No-one wants to pay benefits to rich people, right?
Benefits should be low, and where possible, universal. Means tests distort incentives and remove the incentive to work and save. Gordon Brown loved means tests in order to “target” benefits at “the most in need”. As a shorthand, Gordon Brown liking something is a pretty good reason to be against it. Mark Wadsworth, land-value-tax fetishist extraodinaire, gives us one example involving Pension Tax Credit and Council Tax benefit. Spread this disincentive to save across the whole economy and you’ve solved the deficit which a reduction in the benefit bill would go a long way to sorting out, and the astonishing level of consumer debt explained. That’s before you deal with the cost of administering 70-odd different benefits to which people might be entitled: It just does not pay the average man in the street to save at all, thanks to an idiotically complex welfare state.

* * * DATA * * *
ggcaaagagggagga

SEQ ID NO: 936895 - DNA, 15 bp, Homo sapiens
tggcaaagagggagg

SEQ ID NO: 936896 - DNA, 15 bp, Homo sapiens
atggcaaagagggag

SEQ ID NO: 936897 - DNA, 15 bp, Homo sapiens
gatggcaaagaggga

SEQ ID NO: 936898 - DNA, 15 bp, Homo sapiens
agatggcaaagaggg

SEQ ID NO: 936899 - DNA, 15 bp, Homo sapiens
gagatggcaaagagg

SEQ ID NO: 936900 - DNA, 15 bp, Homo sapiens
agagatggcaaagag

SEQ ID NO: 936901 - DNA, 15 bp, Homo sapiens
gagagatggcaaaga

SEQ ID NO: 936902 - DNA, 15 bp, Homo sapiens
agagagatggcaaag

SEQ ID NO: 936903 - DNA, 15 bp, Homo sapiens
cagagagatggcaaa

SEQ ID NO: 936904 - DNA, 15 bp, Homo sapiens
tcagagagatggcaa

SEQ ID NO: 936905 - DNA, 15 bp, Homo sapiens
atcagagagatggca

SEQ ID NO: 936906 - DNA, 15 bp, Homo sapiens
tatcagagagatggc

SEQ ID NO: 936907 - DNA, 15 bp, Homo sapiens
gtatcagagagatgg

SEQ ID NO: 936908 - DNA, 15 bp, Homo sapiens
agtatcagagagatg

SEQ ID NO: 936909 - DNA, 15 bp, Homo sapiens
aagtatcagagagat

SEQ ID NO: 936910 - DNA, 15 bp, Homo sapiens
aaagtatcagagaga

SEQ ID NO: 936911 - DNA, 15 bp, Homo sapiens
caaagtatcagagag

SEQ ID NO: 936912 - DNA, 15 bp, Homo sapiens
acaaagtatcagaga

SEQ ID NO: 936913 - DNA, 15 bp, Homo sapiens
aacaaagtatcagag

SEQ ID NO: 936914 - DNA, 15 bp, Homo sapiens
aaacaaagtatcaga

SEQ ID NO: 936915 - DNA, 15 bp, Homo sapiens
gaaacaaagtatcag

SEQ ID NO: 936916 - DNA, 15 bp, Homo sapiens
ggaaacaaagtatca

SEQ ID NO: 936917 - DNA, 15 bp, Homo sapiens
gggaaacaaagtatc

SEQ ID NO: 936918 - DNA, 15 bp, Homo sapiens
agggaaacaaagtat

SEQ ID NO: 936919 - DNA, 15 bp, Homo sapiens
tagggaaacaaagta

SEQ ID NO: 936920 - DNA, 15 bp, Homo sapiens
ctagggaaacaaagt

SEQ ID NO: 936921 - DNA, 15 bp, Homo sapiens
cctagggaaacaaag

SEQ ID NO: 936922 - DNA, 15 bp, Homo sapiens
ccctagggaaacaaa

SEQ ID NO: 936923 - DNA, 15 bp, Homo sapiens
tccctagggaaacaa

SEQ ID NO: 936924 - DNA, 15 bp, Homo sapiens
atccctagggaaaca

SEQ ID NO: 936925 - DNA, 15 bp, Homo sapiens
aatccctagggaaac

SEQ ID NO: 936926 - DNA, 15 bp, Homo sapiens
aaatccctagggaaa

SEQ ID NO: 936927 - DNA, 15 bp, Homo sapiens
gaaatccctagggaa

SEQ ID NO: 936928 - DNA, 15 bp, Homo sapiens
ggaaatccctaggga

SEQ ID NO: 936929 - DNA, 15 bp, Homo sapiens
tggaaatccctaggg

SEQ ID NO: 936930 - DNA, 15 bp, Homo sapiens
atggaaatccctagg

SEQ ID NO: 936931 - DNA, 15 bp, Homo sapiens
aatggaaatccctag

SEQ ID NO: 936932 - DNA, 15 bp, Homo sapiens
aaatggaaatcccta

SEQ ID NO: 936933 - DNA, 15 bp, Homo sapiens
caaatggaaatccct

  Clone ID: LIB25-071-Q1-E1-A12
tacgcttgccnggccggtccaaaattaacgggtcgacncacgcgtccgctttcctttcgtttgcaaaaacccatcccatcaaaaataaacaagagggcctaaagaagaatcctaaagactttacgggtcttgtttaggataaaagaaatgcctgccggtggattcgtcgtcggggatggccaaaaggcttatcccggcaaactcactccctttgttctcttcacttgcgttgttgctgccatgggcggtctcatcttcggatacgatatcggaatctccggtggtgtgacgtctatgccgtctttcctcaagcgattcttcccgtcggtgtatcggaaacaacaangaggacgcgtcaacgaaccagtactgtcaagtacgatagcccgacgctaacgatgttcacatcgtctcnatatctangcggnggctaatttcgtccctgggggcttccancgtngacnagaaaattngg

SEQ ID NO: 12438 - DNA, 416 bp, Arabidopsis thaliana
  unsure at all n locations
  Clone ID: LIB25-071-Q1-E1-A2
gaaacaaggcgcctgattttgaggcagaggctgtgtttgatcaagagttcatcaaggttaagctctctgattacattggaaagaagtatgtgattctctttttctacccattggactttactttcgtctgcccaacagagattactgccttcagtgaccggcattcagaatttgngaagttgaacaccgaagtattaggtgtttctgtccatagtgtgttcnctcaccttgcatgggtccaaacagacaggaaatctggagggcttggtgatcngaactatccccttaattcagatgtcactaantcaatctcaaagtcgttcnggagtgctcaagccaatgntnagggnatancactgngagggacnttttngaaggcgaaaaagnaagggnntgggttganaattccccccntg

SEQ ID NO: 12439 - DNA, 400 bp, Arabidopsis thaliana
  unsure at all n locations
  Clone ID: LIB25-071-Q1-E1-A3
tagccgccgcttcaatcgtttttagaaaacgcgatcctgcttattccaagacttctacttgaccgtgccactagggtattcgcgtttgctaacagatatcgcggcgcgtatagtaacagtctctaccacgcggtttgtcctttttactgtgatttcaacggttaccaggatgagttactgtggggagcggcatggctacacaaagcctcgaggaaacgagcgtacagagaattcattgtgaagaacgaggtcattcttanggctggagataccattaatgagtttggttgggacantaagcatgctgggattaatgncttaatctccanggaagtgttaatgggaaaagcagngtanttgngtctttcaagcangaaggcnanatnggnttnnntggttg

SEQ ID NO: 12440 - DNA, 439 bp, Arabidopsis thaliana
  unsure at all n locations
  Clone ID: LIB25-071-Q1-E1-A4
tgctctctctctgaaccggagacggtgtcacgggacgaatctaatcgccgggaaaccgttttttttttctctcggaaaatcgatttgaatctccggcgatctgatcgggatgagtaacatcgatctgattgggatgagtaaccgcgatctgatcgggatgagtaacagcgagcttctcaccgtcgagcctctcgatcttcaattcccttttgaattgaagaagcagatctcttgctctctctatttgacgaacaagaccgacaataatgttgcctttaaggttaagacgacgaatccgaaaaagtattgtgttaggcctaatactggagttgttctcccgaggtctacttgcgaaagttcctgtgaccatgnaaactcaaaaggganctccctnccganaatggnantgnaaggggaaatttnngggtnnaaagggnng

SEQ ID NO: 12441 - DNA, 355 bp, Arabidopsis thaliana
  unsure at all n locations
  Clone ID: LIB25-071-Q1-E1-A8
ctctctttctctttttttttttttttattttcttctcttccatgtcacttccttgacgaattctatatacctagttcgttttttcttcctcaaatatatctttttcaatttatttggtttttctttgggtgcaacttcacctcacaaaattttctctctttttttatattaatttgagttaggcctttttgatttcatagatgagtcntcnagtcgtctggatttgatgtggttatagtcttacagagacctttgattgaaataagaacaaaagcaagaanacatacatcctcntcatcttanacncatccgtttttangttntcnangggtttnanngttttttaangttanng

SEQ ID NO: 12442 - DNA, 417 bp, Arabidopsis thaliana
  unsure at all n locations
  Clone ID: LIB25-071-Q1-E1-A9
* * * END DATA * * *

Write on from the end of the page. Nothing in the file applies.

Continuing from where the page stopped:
http://bracken.uk.com/wp-content/uploads/2017/07/logo-2.png00Malcolm Brackenhttp://bracken.uk.com/wp-content/uploads/2017/07/logo-2.pngMalcolm Bracken2010-06-11 08:27:002017-07-21 01:44:14The result of Means Testing benefits